Hiring an Attorney for an Insurance Claim
You've suffered a major loss from fire, theft, or some other calamity and you've filed an insurance claim. You're not sure what your rights are, and you're worried about trusting your insurance company. You should be. Your financial interests and your insurance company's financial interests are in a natural conflict – You want a maximum payout, your insurer a minimum. An insurance claim is a business negotiation, pure and simple. So although you paid good money for coverage and good claim service, you may have to fight for it. And you may need professional help in that fight. In an ideal world no one would need to hire a lawyer to get an insurance claim paid on time and in full, but in this world, many do.
To ensure a fair settlement of a large claim (in excess of $10,000), educate yourself by reading our Claim Tips and taking advantage of the resources that United Policyholders offers. And you must be a "squeaky wheel" and know when and how to get the right professional help if you need it. If you're reading this publication, you're on the right track.
Do you need professional help? Do you need a lawyer? Do you need a public adjuster? What is a public adjuster? Can you handle it on your own? The first thing you need before making these decisions is a complete copy of your policy, including the "Declarations Page" and all "Endorsements" and "Riders".
Your Declarations Page is generally the first or second page of the policy. It states the dollar limits applying to each category of coverage, and lists the endorsements and riders, (extras) that you have in addition to the basic policy. Each such addition will be listed by a code number or letter, or combination thereof. Review your basic coverage categories; Dwelling, Contents (Personal Property), and Loss of Use (sometimes called "Additional Living Expenses".)
QUESTIONS AND ANSWERS
Q: I've filed a claim under my homeowners policy. I've met with adjusters from my company. A dispute has arisen. I'm getting frustrated. Do I need a lawyer?
A: If you are communicating in writing and in person with your insurer with confidence, polite assertiveness, and insistence on your rights and your insurer is responding, keep going on your own. If you feel like you've "hit a wall", are losing patience, feeling frustrated, angry or anxious, or are worried about time passing and/or losing your rights, a qualified attorney can help. An attorney can help you get the respect and claim results you deserve. If the dispute is only relates to the extent or value of property damage, and your insurer is cooperating in trying to resolve the dispute informally - hiring an attorney may not be necessary. If you live in a state that licenses and regulates public adjusters and there are experienced and reputable ones available in your area, interview both lawyers and public adjusters before deciding which one would be best suited to resolve your particular situation.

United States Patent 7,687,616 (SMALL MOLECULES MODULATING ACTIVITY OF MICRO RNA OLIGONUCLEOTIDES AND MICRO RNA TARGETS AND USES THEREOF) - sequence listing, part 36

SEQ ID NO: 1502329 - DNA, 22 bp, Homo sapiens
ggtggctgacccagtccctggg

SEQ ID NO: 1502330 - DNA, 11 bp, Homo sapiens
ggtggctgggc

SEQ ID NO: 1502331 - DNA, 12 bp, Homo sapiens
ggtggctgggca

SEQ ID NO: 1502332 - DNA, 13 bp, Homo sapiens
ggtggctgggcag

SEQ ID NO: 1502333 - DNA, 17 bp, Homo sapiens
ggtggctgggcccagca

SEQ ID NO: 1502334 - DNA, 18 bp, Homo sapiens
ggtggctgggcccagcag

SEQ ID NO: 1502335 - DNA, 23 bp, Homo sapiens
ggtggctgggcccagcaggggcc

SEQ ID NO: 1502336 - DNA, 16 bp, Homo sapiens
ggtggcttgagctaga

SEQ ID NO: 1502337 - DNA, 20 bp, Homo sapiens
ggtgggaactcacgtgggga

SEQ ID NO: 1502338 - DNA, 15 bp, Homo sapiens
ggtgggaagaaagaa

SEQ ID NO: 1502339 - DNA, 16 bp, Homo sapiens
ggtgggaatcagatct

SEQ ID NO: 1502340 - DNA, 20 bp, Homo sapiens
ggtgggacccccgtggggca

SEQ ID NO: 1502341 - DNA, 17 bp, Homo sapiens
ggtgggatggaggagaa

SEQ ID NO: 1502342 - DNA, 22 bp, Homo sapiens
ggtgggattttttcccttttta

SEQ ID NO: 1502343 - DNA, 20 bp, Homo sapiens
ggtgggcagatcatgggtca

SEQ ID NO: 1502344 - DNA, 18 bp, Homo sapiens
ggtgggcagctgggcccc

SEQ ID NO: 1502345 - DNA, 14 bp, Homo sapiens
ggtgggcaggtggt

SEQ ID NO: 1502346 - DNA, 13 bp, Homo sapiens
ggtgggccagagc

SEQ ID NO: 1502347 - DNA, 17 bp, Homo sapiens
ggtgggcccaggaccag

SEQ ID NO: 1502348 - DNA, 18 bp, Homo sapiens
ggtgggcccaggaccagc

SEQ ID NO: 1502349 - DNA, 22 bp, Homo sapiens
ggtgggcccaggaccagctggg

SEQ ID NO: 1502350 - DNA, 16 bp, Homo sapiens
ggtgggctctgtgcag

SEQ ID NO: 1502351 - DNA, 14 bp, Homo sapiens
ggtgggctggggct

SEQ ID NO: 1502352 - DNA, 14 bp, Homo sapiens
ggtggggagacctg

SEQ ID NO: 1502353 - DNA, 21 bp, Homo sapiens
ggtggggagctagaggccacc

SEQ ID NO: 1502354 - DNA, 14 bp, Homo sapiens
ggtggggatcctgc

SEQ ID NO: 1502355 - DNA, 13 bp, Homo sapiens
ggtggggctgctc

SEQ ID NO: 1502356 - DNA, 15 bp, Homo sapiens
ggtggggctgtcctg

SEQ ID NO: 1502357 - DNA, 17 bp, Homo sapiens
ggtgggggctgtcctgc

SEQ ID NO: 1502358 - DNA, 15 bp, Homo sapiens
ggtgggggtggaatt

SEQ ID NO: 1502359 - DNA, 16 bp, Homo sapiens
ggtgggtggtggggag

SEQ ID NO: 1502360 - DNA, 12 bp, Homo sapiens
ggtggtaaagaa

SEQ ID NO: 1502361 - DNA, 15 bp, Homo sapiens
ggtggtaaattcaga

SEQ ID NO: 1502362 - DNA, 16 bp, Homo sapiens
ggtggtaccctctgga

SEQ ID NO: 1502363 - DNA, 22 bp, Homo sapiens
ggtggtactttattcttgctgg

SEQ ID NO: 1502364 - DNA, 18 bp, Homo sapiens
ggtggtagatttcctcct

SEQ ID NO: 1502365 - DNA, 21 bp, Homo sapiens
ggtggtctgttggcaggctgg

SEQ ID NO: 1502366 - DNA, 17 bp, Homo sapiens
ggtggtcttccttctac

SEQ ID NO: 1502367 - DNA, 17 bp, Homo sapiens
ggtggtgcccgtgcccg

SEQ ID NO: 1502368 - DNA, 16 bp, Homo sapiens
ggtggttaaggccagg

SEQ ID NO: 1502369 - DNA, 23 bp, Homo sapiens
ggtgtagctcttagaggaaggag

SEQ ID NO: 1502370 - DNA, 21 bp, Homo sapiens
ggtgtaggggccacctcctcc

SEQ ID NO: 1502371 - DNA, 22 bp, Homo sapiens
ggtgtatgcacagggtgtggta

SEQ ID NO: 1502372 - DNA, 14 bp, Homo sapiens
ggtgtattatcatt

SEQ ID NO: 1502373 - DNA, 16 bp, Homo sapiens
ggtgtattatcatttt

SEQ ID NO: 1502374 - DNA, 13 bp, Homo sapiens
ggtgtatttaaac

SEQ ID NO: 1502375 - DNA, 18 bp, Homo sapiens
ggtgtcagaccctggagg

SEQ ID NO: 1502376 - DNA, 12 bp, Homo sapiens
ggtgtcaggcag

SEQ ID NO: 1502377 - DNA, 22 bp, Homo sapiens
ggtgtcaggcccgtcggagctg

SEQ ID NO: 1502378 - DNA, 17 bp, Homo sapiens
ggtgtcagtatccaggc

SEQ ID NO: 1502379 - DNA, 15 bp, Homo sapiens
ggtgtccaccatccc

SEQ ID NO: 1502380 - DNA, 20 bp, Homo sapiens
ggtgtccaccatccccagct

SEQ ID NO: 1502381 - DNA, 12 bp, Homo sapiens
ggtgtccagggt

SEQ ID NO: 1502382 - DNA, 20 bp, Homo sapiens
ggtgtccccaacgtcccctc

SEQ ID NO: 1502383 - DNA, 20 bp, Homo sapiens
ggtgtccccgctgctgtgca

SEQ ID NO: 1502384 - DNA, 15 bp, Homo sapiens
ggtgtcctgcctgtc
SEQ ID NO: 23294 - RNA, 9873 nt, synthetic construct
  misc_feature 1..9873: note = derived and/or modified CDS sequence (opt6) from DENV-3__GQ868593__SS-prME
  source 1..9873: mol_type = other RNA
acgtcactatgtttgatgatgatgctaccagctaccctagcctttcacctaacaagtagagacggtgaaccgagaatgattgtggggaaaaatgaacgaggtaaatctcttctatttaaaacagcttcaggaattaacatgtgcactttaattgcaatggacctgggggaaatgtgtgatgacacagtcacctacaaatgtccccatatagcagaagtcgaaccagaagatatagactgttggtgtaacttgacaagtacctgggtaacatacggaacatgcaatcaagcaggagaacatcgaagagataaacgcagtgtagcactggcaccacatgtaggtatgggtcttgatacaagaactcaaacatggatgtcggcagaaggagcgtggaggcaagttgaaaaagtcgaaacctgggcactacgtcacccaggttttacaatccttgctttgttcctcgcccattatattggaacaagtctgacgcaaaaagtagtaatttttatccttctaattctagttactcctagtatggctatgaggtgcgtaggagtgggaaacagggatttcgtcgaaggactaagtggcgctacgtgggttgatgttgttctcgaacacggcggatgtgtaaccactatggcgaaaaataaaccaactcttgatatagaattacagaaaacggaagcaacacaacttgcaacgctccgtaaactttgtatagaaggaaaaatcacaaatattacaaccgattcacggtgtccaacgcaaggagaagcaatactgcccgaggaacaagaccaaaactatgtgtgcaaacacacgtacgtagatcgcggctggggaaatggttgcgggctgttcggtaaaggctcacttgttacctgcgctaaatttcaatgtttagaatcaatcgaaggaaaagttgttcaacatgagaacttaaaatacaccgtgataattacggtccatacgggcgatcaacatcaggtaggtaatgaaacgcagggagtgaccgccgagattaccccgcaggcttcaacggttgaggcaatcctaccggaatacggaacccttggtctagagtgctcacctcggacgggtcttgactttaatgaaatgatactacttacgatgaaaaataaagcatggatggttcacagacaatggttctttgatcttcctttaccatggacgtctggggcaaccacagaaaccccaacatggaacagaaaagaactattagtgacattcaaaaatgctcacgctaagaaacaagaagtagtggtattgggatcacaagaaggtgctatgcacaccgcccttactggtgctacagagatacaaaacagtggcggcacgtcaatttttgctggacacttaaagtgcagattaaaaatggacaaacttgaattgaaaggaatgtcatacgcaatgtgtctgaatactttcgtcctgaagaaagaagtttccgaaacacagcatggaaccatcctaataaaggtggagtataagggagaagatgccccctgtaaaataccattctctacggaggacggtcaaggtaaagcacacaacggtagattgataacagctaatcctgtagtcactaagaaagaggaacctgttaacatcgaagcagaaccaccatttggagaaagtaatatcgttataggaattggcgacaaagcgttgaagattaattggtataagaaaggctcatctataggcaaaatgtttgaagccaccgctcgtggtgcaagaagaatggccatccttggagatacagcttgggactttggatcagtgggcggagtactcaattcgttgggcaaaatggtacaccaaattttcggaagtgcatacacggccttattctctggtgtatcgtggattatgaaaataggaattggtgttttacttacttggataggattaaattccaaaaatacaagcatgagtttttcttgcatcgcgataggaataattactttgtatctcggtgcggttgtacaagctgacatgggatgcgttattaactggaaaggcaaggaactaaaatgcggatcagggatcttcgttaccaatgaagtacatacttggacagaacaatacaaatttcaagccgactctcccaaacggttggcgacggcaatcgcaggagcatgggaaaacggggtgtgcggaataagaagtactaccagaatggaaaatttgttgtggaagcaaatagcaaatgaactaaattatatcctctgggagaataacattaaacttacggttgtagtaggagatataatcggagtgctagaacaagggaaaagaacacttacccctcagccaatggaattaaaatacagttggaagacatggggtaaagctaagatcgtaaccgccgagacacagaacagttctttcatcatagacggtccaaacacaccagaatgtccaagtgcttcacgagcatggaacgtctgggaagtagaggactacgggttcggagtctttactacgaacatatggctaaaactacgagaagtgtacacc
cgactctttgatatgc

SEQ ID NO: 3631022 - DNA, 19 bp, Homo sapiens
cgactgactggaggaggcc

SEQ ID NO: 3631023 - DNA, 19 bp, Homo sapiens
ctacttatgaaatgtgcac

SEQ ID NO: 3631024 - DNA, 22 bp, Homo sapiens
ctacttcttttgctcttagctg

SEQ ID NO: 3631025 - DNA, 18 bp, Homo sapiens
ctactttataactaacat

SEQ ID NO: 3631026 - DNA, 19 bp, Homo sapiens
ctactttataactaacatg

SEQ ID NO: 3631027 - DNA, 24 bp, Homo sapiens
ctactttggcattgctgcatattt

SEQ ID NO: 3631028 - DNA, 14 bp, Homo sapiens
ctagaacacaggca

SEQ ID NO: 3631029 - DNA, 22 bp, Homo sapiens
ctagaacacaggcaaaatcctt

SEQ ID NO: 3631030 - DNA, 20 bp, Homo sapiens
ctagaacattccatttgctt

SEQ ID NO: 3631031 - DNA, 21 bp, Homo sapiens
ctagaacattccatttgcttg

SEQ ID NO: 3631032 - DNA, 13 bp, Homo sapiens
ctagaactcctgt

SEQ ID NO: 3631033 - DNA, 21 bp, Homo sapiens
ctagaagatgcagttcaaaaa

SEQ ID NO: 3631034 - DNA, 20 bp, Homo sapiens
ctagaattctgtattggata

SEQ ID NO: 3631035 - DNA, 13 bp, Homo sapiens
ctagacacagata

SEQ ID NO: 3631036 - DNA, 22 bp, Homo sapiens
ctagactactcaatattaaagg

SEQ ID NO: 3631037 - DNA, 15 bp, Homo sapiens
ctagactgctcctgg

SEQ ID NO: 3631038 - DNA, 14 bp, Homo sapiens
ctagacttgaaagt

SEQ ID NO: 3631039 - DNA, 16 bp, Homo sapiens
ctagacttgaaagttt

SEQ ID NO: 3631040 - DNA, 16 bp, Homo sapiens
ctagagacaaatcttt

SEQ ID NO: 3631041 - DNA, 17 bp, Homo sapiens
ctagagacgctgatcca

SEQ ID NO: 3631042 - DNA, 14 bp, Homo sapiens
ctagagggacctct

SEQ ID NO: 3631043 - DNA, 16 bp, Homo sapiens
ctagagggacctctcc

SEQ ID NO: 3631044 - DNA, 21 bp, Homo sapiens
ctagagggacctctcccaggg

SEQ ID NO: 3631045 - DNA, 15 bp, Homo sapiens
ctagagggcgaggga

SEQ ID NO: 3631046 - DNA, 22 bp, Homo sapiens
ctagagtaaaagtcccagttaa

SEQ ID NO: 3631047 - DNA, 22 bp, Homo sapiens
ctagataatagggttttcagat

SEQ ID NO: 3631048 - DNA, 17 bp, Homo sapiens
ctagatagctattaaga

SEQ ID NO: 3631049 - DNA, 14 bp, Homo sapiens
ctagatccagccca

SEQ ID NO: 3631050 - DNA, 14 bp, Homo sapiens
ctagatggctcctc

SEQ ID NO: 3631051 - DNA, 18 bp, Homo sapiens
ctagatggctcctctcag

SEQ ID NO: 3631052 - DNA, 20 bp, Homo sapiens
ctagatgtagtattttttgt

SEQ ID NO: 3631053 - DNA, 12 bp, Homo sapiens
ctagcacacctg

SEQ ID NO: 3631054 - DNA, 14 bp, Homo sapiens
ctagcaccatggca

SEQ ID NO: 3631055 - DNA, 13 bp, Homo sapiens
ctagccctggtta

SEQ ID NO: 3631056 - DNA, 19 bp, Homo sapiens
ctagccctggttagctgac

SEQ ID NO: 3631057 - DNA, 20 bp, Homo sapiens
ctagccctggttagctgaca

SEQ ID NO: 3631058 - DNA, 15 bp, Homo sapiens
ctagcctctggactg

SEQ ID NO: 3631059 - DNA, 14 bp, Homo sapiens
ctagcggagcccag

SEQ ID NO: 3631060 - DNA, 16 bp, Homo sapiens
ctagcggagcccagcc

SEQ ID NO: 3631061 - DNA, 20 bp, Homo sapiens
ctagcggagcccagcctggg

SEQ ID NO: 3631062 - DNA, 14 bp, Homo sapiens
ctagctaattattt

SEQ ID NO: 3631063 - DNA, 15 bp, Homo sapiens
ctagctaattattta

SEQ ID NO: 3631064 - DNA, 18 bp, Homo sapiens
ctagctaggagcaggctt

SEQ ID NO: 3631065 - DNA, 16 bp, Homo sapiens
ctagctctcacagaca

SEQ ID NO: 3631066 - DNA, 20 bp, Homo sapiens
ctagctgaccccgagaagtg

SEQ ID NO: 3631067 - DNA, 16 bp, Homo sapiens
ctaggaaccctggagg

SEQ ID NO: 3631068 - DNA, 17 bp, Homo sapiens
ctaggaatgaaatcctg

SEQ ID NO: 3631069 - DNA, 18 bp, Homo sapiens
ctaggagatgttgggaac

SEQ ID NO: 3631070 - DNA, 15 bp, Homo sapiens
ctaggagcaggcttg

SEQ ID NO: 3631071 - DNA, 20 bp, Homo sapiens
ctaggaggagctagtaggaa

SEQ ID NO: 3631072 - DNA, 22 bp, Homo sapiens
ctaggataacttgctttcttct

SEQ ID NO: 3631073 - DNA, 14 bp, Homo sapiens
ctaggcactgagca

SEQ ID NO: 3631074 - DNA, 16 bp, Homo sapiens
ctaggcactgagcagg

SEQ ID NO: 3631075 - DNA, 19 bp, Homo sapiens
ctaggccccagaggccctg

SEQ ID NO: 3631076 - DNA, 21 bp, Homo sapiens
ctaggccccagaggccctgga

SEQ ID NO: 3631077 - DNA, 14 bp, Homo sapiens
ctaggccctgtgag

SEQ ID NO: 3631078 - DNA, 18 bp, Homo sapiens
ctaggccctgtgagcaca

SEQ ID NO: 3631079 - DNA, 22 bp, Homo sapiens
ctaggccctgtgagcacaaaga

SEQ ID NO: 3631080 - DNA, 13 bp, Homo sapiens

Q: Once I hire an attorney, should I let them to do all the talking to my insurer?
A: Not necessarily. You can try having an attorney give you advice on your rights and continue to communicate with your insurer. If an aggressive attorney contacts your insurer early in the claims process, it may aggravate and prolong a dispute that you might have resolved yourself. However, if you've given it your best shot and the insurance company won't treat you fairly; let a professional take over on your behalf. Once the insurance company has dug in its heels and you've hired an attorney, let the attorney communicate with the insurance company. Most attorneys will insist on this and it's for your own protection.
Q: Can I hire my family lawyer to represent me...the one who did my will last year?
A: You can, but you shouldn't. Your lawyer should be experienced in representing policyholders (people like you) in insurance coverage or bad faith litigation. Insurance companies generally hire very experienced insurance defense counsel to represent them and yours should be a worthy adversary. Insurance companies will assess the risk of not settling with you by considering the strength of your representative.
Q: How can I find the right lawyer?
A: Be an astute consumer; get referrals from friends, family members, or reputable attorneys who have personal contacts with an insurance specialist. Go to the "Find Help" section and click on your state to find professionals who specialize in representing policyholders and who support United Policyholders' work. Interview potential candidates about their insurance expertise and trial experience and get references from former clients. Check references. A lawsuit is a major undertaking but may be the most effective way to fairly resolve a major claim. The attorney you select should have your utmost confidence...and deserve it!